Watch carefully as all of them will blame other agencies while fiercely and equally dishonestly protecting their own. And when they talk of solutions, they will never be able to make a single suggestion that does not enhance the power and eminence of their own cadres. The focus will never be on professionally finding a solution with intellectual integrity. It will be on Empire building.(That is why little is done. And that little seldom works). If a few respected international experts are also brought into the discussion, they will have virtually no place to hide. But, the problem is that even the media are businesses that have to survive in this environment. How can they bell such big, ferocious cats!

Let us take just one illustrative example. Armed Central Police Forces, also called para military forces, have grown exponentially since Independence. They have their own cadre at the officer and jawan levels. But what about their top leadership? It is of only IPS officers who come in for a couple of years at the IG and above levels! There is no integration or affinity between them and the junior leadership of these forces that they command as rank outsiders with experience mostly limited to ordinary law and order policing in states.

Why should IPS officers not come into these forces at the functional level as platoon and company commanders and work their way up as one with and in these forces. How can you have the desired professionalism in a fighting force when the top leaders are non-professional outsiders, the only commonality being the colour of the uniform?

Let us take this a step further. Since almost the whole country is now affected by terrorism, why not have just one common entry for all police officers who can alternate between central para military and state police duties so that professionalism as well as inter-operability between various police outfits is enhanced to acceptable levels? The colonial IPS is clearly antiquated, even dysfunctional, in the changed environment. But will anyone have the courage to take that call?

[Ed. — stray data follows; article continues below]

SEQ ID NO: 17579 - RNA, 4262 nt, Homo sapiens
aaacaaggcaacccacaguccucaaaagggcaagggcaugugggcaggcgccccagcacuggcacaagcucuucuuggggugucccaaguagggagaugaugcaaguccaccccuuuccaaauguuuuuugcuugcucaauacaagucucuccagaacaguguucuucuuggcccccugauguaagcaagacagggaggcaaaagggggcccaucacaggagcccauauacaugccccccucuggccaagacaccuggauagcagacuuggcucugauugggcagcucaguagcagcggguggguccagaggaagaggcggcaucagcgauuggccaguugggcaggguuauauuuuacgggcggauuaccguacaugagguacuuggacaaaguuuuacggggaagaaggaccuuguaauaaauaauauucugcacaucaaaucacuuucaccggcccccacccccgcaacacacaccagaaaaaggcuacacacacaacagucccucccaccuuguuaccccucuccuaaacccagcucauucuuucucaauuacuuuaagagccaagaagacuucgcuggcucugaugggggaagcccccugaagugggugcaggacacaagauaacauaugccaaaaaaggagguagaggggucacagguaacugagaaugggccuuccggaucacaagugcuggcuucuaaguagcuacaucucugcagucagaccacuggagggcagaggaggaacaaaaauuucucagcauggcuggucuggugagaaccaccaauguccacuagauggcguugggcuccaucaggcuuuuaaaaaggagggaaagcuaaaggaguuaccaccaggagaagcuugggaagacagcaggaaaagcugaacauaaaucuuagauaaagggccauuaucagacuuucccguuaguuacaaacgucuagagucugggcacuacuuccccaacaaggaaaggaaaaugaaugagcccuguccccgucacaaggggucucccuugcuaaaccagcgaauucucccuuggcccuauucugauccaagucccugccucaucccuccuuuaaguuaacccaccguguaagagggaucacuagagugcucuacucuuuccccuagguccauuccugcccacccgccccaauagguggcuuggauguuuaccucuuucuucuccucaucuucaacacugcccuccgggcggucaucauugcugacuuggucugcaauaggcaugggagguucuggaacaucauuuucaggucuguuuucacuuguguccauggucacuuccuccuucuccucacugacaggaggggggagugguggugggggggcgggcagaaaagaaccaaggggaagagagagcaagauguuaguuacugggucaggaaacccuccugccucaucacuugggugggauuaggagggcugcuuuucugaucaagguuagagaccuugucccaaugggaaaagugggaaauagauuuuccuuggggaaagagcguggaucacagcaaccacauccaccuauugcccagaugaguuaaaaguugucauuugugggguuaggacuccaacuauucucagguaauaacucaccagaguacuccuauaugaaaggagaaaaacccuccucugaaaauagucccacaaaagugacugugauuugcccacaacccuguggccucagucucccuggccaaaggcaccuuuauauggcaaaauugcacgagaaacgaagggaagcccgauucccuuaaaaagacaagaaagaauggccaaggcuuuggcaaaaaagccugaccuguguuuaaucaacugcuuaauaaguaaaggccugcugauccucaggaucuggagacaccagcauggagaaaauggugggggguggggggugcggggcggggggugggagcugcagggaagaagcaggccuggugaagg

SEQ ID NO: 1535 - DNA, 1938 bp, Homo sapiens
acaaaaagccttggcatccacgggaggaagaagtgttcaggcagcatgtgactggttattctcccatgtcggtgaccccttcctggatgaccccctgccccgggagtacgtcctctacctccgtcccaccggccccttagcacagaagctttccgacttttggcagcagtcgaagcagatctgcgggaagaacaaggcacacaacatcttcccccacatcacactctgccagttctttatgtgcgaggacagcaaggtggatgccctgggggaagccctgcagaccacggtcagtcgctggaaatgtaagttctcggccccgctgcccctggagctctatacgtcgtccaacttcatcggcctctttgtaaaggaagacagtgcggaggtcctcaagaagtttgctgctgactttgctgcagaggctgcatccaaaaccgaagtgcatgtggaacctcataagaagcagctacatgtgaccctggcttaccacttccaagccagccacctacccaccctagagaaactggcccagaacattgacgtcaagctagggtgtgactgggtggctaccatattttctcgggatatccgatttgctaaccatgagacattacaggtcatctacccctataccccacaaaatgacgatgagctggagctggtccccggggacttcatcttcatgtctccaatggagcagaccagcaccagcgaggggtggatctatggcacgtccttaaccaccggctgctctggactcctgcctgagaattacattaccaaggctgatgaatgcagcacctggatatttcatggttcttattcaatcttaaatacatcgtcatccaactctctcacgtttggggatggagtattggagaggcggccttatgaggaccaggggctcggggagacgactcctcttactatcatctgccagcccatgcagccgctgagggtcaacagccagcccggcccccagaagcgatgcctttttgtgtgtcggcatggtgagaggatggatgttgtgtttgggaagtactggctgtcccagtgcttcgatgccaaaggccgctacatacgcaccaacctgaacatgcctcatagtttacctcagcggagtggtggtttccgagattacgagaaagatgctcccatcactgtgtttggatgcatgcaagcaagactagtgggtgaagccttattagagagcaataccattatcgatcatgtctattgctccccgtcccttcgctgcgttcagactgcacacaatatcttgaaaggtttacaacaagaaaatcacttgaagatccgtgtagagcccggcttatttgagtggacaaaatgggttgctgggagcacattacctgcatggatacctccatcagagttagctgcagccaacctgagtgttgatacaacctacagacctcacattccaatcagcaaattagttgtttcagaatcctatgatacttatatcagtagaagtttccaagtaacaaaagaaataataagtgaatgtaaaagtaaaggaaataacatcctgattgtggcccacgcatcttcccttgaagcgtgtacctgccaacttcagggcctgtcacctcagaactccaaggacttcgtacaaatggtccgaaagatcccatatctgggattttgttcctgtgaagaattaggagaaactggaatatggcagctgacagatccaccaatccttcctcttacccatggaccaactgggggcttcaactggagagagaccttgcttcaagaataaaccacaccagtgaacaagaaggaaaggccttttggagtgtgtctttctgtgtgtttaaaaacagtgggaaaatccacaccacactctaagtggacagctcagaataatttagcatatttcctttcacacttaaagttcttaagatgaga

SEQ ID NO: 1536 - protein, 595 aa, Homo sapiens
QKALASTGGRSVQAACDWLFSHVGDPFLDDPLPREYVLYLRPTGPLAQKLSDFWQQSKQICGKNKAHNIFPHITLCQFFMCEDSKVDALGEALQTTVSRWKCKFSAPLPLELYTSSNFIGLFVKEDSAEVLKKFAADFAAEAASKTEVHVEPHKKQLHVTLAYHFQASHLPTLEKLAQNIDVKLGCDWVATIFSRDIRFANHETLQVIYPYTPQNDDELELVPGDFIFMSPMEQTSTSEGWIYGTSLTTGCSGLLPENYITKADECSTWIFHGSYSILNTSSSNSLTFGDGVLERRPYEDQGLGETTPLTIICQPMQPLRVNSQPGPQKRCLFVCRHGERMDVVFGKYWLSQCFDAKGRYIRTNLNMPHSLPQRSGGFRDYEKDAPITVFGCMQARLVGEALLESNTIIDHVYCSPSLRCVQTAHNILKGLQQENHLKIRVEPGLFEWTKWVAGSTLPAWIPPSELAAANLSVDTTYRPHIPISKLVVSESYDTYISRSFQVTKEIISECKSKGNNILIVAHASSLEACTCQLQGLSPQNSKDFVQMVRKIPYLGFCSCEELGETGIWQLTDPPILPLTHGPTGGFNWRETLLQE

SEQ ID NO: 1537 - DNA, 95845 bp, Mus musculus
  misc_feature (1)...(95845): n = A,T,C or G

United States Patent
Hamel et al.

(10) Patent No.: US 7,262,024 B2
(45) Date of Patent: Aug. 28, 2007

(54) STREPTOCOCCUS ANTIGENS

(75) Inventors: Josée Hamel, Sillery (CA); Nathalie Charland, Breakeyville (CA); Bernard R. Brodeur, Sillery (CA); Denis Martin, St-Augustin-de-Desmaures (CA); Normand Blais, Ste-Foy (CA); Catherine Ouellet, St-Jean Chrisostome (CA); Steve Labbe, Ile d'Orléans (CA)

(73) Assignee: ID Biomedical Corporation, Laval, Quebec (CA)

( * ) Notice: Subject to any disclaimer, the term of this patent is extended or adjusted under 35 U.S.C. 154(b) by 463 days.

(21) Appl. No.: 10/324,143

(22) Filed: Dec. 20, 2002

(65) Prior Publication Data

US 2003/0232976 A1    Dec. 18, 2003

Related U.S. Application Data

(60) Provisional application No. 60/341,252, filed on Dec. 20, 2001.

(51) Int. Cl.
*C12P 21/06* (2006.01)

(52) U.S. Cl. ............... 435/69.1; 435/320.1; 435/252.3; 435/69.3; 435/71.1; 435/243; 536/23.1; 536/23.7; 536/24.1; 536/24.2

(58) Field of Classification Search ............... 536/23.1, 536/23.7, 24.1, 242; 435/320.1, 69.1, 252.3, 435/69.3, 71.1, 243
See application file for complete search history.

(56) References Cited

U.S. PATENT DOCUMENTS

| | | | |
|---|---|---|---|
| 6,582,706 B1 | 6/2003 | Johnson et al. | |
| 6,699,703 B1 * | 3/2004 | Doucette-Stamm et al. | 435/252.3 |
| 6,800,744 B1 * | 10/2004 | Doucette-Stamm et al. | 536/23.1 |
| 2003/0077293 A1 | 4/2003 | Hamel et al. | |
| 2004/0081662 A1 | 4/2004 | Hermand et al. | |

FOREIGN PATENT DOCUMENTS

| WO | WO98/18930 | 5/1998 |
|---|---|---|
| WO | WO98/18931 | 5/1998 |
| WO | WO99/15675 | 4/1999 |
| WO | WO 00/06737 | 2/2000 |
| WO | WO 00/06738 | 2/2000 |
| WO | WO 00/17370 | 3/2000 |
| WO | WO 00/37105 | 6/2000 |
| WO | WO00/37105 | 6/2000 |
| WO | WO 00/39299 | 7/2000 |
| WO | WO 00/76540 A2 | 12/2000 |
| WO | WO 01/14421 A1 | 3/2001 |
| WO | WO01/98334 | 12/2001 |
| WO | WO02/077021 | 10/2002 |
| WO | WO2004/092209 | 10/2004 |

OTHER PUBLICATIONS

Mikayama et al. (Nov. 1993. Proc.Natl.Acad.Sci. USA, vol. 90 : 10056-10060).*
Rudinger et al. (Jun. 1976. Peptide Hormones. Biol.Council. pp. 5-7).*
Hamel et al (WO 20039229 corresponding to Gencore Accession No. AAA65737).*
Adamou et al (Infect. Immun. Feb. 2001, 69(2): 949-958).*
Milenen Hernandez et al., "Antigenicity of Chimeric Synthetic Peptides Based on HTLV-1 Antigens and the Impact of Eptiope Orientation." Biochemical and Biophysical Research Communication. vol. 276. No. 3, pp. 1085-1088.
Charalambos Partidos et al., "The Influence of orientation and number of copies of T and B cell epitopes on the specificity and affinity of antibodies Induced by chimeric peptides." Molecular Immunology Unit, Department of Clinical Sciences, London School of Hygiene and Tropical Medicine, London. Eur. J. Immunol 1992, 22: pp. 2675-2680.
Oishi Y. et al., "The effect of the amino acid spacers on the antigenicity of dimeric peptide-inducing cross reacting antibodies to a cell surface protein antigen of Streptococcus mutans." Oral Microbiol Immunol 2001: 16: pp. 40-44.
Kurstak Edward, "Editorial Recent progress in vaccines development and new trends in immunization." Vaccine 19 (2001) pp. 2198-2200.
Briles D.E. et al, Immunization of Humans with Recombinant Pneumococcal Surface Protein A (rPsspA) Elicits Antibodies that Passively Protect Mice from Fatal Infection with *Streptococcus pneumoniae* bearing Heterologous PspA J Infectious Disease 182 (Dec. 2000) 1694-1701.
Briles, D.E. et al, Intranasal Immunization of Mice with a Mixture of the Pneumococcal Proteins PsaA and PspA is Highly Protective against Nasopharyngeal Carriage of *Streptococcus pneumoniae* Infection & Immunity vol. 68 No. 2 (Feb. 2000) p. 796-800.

The collective paralysis that the Indian state has got into is not just against the corruption that CK Prahalad has spoken about. The paralysis is worse when it comes to facing up to external security threats and is almost terminal when meeting the internal security challenge that terrorism has thrown into the face of this nation. Prahalad warns India of having to face a volcano if it does not tackle corruption, the seemingly most harmless of the cancers that afflict India.

One shudders to think about what India will have to face if it does not jerk out of its paralytic response to the other two really malignant tumours that it has benignly been allowing to grow for decades now. The really bad news is that so far there is absolutely no sign that the paralysis is getting better.

In its war on terror, India remains as paralysed as it was two decades back when Rip Van Winkle went to sleep.
Readers may also like to read the following posts:
Secular Indian Mujahideen
India losing war on terror: the Prithviraj Chauhan syndrome